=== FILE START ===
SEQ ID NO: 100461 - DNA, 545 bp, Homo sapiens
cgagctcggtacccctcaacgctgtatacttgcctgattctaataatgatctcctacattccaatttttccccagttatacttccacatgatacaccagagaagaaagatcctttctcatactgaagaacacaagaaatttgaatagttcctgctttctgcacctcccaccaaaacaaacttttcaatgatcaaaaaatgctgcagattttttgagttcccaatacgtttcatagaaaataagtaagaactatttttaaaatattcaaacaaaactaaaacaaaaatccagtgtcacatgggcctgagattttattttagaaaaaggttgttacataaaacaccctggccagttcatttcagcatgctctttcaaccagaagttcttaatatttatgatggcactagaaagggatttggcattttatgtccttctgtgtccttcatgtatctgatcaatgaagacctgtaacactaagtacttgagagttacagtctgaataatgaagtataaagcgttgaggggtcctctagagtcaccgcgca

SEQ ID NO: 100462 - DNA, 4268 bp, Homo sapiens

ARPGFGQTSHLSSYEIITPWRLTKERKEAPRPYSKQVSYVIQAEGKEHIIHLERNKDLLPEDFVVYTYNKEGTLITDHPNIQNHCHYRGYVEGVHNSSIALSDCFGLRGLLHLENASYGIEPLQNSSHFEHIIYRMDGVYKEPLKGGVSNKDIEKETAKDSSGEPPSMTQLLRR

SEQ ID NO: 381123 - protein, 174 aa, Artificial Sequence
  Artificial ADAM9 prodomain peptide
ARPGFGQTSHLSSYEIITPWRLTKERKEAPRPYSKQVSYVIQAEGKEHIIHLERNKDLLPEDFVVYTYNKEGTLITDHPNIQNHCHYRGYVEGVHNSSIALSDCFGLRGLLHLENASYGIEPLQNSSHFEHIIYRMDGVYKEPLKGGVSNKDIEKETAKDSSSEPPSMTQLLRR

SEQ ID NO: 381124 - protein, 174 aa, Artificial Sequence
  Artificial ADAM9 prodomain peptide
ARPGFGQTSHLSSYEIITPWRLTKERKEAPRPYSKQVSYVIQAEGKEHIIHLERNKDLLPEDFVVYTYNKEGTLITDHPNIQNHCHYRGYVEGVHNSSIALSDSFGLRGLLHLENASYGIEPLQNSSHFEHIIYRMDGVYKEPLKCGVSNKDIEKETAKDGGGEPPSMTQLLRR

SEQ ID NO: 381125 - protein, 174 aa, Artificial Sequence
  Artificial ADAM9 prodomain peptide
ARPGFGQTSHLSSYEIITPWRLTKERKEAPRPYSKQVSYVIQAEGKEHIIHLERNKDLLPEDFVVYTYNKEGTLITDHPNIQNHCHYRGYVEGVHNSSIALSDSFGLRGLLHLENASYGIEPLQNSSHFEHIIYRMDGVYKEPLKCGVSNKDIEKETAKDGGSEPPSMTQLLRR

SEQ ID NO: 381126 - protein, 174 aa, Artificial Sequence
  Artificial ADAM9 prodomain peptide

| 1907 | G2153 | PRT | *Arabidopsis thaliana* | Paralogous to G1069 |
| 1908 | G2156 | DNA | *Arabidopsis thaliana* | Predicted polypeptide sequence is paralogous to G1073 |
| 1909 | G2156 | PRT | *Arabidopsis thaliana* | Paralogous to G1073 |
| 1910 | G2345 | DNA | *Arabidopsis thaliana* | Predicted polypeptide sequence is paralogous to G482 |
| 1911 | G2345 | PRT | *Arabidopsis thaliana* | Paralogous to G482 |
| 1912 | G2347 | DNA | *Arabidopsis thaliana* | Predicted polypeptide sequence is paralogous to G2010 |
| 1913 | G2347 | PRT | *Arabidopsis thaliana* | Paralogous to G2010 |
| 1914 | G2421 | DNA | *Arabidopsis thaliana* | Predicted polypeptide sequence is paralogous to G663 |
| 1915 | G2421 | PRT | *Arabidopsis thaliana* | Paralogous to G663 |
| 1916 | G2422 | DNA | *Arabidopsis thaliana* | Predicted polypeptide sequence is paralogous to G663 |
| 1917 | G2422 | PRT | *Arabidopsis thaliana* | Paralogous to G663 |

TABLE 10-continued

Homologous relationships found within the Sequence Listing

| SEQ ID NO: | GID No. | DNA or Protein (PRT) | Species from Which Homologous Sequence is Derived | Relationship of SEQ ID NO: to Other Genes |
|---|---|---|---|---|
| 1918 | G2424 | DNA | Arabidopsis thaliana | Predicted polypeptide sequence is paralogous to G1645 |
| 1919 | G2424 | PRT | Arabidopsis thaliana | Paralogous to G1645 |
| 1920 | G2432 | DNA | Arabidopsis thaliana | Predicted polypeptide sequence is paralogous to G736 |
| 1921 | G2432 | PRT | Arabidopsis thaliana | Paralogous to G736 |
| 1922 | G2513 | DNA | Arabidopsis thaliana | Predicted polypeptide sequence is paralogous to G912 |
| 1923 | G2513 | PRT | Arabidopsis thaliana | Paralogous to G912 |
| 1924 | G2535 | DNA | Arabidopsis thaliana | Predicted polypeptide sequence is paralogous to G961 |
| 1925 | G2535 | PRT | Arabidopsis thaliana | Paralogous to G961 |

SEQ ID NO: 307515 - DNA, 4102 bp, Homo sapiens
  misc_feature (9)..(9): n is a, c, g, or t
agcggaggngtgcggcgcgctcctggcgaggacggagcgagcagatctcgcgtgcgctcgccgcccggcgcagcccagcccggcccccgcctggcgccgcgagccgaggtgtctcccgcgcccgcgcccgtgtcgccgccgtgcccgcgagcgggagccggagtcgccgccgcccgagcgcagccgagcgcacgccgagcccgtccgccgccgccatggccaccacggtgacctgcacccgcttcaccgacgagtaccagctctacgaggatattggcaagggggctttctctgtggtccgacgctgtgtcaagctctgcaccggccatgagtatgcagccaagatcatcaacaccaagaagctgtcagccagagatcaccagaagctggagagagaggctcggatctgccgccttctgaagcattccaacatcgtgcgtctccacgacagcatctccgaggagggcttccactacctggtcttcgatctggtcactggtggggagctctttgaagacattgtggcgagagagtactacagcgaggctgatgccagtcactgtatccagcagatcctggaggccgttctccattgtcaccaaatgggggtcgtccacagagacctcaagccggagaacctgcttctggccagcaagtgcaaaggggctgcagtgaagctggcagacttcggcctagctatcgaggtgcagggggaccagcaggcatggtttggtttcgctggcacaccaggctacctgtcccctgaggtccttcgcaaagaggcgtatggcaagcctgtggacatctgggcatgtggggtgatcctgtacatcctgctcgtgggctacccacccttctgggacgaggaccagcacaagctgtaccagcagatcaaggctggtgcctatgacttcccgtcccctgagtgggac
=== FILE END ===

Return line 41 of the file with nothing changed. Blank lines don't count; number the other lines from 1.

agcggaggngtgcggcgcgctcctggcgaggacggagcgagcagatctcgcgtgcgctcgccgcccggcgcagcccagcccggcccccgcctggcgccgcgagccgaggtgtctcccgcgcccgcgcccgtgtcgccgccgtgcccgcgagcgggagccggagtcgccgccgcccgagcgcagccgagcgcacgccgagcccgtccgccgccgccatggccaccacggtgacctgcacccgcttcaccgacgagtaccagctctacgaggatattggcaagggggctttctctgtggtccgacgctgtgtcaagctctgcaccggccatgagtatgcagccaagatcatcaacaccaagaagctgtcagccagagatcaccagaagctggagagagaggctcggatctgccgccttctgaagcattccaacatcgtgcgtctccacgacagcatctccgaggagggcttccactacctggtcttcgatctggtcactggtggggagctctttgaagacattgtggcgagagagtactacagcgaggctgatgccagtcactgtatccagcagatcctggaggccgttctccattgtcaccaaatgggggtcgtccacagagacctcaagccggagaacctgcttctggccagcaagtgcaaaggggctgcagtgaagctggcagacttcggcctagctatcgaggtgcagggggaccagcaggcatggtttggtttcgctggcacaccaggctacctgtcccctgaggtccttcgcaaagaggcgtatggcaagcctgtggacatctgggcatgtggggtgatcctgtacatcctgctcgtgggctacccacccttctgggacgaggaccagcacaagctgtaccagcagatcaaggctggtgcctatgacttcccgtcccctgagtgggac